Searching for Ida

Searching for Ida

Sadly, the only people who turn up are Ida’s dad King Gama and her three stupid brothers Arac, Guron and Scynthius. There’s obviously history between the two Kings – they’re like chalk and cheese and bicker a lot. Gama proudly announces that Ida won’t be coming because she’s dedicated to running a university called Castle Adamant – exclusively for girls. He tells Hilarion there might still be a chance if he went and asked Ida nicely, whereas Hildebrand demands that Ida come at once or he’ll send his men over to storm the Castle.

Hilarion and his pals are convinced they can entice Ida to come. With Cyril excited at the thought of a uni with a hundred girls, the three of them head off to do their best, while Hildebrand holds Gama and his sons hostage, threatening the worst if anything goes wrong with the mission.

Act 2 – Grounds of Castle Adamant

Lady Psyche shares with the girl graduates her knowledge of Classics and her disdain for men, while Lady Blanche administers the day’s punishments. They all rise in awe for Princess Ida, who theatrically rejoices in her calling. Lady Blanche doesn’t like Ida’s style, and thinks she should be running the place.

Behaving like overgrown schoolboys, Hilarion, Cyril and Florian sneak in unnoticed and happen across some women’s robes in which to disguise themselves.

They bump into Princess Ida, and find the disguise works well, though Cyril’s excitability is clearly putting the venture at risk. A greater threat arises when they happen across Lady Psyche whom Florian recognises as his sister.

They share their plan with her and also, unwittingly, with Melissa who overhears the conversation. Both are sworn to secrecy, but Lady Blanche wheedles the secret out of Melissa (her daughter), who persuades her mum to keep quiet by pointing out that if Princess Ida did leave with Hilarion, she could fulfil her ambition of running the uni.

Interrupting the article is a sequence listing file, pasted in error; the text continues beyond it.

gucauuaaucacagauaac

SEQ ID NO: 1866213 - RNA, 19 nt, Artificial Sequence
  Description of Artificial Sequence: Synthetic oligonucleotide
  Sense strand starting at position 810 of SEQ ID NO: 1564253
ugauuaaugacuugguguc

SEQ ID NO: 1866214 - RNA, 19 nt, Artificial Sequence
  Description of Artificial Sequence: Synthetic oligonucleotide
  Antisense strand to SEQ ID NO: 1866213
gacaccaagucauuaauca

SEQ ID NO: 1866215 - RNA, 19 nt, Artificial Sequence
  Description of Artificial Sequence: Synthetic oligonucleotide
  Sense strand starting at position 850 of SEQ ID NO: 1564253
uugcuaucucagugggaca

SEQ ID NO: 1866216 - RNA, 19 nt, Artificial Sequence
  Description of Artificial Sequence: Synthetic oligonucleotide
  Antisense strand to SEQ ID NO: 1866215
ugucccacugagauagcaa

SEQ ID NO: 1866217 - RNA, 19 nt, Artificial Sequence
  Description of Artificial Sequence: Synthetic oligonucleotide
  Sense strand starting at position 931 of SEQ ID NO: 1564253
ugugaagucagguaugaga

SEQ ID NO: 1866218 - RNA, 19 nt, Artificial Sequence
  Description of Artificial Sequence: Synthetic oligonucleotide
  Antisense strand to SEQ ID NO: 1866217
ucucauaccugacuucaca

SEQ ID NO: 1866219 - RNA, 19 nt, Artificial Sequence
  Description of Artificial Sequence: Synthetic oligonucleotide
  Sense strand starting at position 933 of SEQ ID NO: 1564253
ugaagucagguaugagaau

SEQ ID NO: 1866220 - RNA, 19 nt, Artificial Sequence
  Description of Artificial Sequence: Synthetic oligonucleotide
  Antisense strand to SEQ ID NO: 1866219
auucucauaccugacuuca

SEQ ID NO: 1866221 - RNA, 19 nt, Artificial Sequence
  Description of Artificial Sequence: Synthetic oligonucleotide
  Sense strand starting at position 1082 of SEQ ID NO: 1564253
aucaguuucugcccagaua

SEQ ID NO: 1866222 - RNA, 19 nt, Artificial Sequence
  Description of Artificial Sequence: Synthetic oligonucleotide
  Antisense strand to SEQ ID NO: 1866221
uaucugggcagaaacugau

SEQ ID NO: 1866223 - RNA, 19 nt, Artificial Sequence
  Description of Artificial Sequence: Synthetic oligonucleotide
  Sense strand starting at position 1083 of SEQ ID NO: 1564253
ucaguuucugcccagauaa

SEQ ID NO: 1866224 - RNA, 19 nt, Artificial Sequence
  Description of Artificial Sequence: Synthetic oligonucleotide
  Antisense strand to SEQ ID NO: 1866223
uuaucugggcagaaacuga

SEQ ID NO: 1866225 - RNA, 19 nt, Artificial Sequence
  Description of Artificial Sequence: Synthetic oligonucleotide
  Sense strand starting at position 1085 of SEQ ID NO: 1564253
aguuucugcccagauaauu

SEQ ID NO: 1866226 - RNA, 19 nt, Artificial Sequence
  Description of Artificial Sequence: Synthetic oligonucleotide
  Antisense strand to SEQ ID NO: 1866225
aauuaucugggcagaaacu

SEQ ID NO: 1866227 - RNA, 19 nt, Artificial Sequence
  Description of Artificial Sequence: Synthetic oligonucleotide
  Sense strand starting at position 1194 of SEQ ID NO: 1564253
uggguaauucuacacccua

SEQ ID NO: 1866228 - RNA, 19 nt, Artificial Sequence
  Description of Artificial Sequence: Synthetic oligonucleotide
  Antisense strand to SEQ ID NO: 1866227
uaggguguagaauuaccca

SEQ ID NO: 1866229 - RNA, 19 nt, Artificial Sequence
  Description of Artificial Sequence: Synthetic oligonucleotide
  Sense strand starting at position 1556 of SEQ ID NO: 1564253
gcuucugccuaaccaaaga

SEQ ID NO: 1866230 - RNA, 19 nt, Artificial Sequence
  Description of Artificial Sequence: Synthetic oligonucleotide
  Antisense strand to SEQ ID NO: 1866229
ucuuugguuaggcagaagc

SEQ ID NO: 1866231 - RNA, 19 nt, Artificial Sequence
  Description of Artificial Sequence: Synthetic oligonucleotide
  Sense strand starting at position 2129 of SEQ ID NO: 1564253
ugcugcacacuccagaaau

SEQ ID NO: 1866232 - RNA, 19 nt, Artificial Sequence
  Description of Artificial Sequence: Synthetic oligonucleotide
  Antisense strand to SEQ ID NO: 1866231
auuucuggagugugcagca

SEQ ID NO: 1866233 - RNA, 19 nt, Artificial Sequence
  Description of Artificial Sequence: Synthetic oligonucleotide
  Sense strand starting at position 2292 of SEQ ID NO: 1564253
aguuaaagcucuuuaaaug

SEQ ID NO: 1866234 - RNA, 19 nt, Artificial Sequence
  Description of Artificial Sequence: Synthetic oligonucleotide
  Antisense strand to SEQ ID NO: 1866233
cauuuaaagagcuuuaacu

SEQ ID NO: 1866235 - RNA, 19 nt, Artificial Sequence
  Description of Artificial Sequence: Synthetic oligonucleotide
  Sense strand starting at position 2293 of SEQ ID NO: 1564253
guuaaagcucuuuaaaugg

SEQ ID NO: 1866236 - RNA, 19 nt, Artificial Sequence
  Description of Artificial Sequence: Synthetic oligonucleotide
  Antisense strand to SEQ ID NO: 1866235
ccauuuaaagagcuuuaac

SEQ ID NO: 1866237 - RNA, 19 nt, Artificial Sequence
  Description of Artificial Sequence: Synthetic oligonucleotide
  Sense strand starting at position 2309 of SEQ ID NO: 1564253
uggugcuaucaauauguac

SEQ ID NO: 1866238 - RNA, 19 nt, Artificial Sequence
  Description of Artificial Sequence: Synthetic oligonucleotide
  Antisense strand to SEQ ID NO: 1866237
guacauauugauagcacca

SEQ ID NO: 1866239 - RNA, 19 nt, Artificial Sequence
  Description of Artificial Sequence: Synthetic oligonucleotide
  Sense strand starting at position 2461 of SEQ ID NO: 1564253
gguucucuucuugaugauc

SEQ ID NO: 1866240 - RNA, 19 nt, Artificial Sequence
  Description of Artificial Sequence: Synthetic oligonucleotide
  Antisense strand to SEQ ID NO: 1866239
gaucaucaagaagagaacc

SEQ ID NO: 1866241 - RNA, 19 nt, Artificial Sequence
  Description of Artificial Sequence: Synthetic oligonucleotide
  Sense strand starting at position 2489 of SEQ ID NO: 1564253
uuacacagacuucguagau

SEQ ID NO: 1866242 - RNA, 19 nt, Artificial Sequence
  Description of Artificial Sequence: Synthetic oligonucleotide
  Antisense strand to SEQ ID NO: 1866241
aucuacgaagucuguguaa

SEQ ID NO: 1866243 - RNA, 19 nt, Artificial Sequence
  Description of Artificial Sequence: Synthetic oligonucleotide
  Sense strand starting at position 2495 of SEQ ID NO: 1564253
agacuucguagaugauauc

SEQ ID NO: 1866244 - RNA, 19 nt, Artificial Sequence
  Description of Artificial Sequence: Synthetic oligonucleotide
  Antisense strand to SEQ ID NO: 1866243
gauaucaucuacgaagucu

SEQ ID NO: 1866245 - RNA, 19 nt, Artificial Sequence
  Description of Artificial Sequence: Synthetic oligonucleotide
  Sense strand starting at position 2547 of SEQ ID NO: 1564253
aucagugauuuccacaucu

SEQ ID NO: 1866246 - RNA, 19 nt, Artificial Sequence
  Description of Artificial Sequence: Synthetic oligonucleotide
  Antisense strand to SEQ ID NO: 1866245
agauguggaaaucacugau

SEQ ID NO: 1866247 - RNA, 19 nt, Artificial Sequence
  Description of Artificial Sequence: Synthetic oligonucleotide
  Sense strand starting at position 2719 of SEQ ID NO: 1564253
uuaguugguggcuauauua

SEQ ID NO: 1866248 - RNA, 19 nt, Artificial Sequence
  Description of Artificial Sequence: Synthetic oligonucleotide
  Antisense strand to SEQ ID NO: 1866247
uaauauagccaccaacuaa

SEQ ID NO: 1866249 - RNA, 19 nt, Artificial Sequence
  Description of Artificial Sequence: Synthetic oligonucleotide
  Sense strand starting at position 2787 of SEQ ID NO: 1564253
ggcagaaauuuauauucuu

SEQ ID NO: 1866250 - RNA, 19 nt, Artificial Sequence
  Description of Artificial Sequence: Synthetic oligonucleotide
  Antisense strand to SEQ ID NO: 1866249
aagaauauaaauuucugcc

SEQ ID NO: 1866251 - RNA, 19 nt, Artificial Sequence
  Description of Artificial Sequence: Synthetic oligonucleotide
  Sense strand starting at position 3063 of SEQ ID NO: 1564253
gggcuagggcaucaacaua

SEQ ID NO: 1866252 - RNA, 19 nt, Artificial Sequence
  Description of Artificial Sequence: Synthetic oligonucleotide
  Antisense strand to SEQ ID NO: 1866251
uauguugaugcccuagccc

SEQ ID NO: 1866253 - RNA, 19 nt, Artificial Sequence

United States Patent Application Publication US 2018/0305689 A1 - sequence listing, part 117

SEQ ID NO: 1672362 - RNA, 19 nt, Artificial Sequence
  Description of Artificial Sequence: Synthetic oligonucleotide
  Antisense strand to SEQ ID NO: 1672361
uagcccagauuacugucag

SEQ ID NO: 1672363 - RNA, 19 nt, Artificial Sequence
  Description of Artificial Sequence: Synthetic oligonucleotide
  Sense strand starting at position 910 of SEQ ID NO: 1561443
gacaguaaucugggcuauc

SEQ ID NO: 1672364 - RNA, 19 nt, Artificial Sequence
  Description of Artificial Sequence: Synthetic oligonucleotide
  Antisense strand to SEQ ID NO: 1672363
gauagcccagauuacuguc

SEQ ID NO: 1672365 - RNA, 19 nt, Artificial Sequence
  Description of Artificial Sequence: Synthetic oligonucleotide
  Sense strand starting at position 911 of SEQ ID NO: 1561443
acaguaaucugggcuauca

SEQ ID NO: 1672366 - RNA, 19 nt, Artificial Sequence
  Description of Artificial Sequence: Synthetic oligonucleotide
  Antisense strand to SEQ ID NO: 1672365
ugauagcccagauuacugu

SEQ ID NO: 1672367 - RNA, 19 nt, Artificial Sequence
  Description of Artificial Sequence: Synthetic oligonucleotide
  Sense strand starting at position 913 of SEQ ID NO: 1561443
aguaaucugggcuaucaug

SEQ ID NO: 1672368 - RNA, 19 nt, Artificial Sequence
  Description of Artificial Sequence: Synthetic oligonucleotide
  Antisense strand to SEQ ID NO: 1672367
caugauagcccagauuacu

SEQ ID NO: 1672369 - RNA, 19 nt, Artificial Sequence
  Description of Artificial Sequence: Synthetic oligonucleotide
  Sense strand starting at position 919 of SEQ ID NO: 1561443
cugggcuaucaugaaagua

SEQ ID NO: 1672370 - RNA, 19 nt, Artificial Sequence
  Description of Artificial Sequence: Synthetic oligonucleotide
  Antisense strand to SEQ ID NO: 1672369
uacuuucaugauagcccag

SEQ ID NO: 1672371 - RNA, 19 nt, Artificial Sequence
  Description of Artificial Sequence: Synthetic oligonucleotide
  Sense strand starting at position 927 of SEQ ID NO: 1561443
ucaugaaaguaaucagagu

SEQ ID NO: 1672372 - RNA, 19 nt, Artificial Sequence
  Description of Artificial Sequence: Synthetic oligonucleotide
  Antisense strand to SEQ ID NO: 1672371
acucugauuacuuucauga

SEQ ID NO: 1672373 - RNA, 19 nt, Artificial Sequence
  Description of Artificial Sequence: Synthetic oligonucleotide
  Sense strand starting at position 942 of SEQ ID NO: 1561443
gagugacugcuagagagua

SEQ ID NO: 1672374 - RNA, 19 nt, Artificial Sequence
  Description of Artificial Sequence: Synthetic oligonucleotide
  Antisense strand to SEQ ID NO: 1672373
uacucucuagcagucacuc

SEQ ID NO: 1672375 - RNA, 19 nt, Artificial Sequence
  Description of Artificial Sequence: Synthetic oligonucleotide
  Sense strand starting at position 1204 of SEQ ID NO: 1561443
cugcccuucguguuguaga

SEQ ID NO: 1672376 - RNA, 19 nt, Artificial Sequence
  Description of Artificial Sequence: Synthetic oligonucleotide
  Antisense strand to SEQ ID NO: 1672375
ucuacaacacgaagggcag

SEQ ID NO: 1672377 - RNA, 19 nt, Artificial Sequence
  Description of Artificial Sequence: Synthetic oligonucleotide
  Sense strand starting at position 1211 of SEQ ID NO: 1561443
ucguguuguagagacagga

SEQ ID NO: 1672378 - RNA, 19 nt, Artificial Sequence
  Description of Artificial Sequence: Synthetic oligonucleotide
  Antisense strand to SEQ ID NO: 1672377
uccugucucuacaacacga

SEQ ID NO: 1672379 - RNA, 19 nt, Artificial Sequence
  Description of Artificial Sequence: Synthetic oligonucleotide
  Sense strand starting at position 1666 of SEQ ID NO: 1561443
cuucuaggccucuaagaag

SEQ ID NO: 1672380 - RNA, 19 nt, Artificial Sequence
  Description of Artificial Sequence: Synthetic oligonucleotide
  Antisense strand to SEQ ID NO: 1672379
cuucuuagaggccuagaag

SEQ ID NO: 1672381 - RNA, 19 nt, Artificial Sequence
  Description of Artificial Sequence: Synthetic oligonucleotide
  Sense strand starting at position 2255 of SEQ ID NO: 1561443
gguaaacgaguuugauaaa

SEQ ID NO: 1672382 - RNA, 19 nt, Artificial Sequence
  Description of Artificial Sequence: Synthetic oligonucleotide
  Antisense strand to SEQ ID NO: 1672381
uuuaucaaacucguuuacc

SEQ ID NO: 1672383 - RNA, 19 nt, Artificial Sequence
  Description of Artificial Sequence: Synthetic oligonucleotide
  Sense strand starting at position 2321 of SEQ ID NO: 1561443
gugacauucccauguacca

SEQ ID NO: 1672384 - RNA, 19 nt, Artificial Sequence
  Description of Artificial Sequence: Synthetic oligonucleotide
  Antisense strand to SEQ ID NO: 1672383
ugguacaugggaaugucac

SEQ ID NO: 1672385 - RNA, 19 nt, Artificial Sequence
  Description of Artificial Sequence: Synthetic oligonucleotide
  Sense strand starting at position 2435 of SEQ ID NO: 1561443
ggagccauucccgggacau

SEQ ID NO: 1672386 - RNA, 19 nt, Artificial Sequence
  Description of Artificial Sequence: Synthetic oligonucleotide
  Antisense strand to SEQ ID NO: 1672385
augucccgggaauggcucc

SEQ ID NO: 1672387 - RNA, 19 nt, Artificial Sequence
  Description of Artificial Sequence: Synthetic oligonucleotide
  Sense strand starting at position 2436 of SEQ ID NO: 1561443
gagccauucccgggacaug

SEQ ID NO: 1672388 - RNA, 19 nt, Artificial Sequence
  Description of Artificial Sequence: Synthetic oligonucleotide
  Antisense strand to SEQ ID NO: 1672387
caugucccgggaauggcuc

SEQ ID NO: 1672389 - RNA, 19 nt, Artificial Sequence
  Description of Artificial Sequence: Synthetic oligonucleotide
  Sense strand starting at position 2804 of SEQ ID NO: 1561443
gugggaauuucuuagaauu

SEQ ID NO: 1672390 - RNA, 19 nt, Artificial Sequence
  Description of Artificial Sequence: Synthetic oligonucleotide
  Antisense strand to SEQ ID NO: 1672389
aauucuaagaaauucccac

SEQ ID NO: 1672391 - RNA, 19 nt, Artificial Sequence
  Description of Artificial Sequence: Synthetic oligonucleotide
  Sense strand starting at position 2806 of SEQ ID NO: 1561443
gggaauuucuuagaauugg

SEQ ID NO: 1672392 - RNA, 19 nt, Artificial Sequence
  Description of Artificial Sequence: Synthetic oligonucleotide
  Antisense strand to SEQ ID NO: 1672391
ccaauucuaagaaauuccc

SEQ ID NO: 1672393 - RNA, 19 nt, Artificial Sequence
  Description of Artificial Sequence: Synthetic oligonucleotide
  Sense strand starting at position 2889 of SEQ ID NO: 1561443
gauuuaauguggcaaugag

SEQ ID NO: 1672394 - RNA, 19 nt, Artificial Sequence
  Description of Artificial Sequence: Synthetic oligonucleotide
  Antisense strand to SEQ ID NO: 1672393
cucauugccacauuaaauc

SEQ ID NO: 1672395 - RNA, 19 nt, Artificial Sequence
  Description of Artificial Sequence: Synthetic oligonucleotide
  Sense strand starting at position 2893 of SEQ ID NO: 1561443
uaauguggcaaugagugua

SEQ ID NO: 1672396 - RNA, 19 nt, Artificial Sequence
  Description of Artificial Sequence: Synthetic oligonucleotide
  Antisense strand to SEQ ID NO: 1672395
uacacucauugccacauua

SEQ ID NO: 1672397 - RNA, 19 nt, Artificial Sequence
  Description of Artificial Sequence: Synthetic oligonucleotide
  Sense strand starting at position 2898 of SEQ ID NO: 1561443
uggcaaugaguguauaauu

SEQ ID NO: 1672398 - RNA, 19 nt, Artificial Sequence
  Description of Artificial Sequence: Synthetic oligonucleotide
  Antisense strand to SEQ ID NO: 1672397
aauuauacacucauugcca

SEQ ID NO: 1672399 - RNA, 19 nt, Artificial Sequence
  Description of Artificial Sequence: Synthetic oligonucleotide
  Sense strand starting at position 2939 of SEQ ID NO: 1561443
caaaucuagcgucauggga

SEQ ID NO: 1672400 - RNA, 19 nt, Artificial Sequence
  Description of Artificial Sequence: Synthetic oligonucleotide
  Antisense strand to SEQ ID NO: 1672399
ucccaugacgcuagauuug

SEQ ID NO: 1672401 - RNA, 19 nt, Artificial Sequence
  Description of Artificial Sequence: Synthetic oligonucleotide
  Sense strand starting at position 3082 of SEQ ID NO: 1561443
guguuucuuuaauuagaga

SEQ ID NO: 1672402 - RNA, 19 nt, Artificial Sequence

Over lunch, Cyril has a bit too much Pinot Grigio and gives the game away. Ida goes berserk when she finds men have invaded her territory, but in the middle of a hissy fit falls off a bridge and has to be rescued from the river by Hilarion.

Ida shows no mercy

Ida shows no mercy

In any other story it might have ended there, happy ever after. But not for Ida. With no hint of gratitude, and in spite of Hilarion declaring his undying love for her, she has the three men bound and taken away.

Now she’s started something! Suddenly the castle walls are stormed by King Hildebrand and his soldiers, carrying in their train Ida’s three brothers, still in chains. He reiterates his demands, threatening to top the prisoners if she doesn’t release Hilarion and fulfil her obligation to love, honour and obey him as a wife. But Ida is defiant to the last and the story is left hanging on a very delicate thread indeed.

Act 3 – Courtyard of Castle Adamant

A fight seems inevitable, and the girl graduates take up arms. But they’re torn between their anti-men principles and softer womanly feelings. Ida is disappointed at the lack of support and scorns the girls, saying she’ll take the soldiers on by herself if necessary.

King Gama arrives, technically still a prisoner but sent by Hildebrand to say that Ida’s three brothers should fight Hilarion and his friends, with the outcome determining Ida’s future. Arac, Guron and Scynthius come in looking despondent and not at all fit to fight. Hilarion, Cyril and Florian, much to Gama’s delight, arrive looking even more unlikely in their girlie garb.Princess Ida Poster

A fight kicks off – and the girlie men have it! Ida is now stranded. With Lady Blanche waiting in the wings and Cyril and Florian clearly of more than passing interest to the girls, will the Princess fight on alone or does she fancy Prince Hilarion more than she’s been making out?

Paul Costello ©  February 2014 



UTTERLY UNDISCOVERED by Paul Costello. Hilarious tales from a Shropshire Bed and Breakfast!


Available through bookshops (ISBN 978-1-907741-30-2) or direct from Fineleaf Editions

Postcard from Torquay

Dear Uncle Harry.

I’m on a short break in the English Riviera – a grand name embracing the likes of Torquay, Paignton and Brixham.

And what better way to spend my first day than a boat trip from Torquay? With the weather set fair, mackerel fishing seemed a good idea, and from the fierce competition for a two-hour trip I picked a vessel called Wave Rider – rather romantic I thought.

A mile out, my suspicions were aroused when the captain – called Ahab according to the name emblazoned across his stained tee shirt – began layering up with woolly sweaters and oilskins and removing the component parts of what looked like harpoon equipment from a box near the bow.

‘Are we looking for giant octopus too?’ I asked, feigning interest.

‘No-o mate,’ he said, with gnarly know-how. ‘Whales – if we can find the migration path.’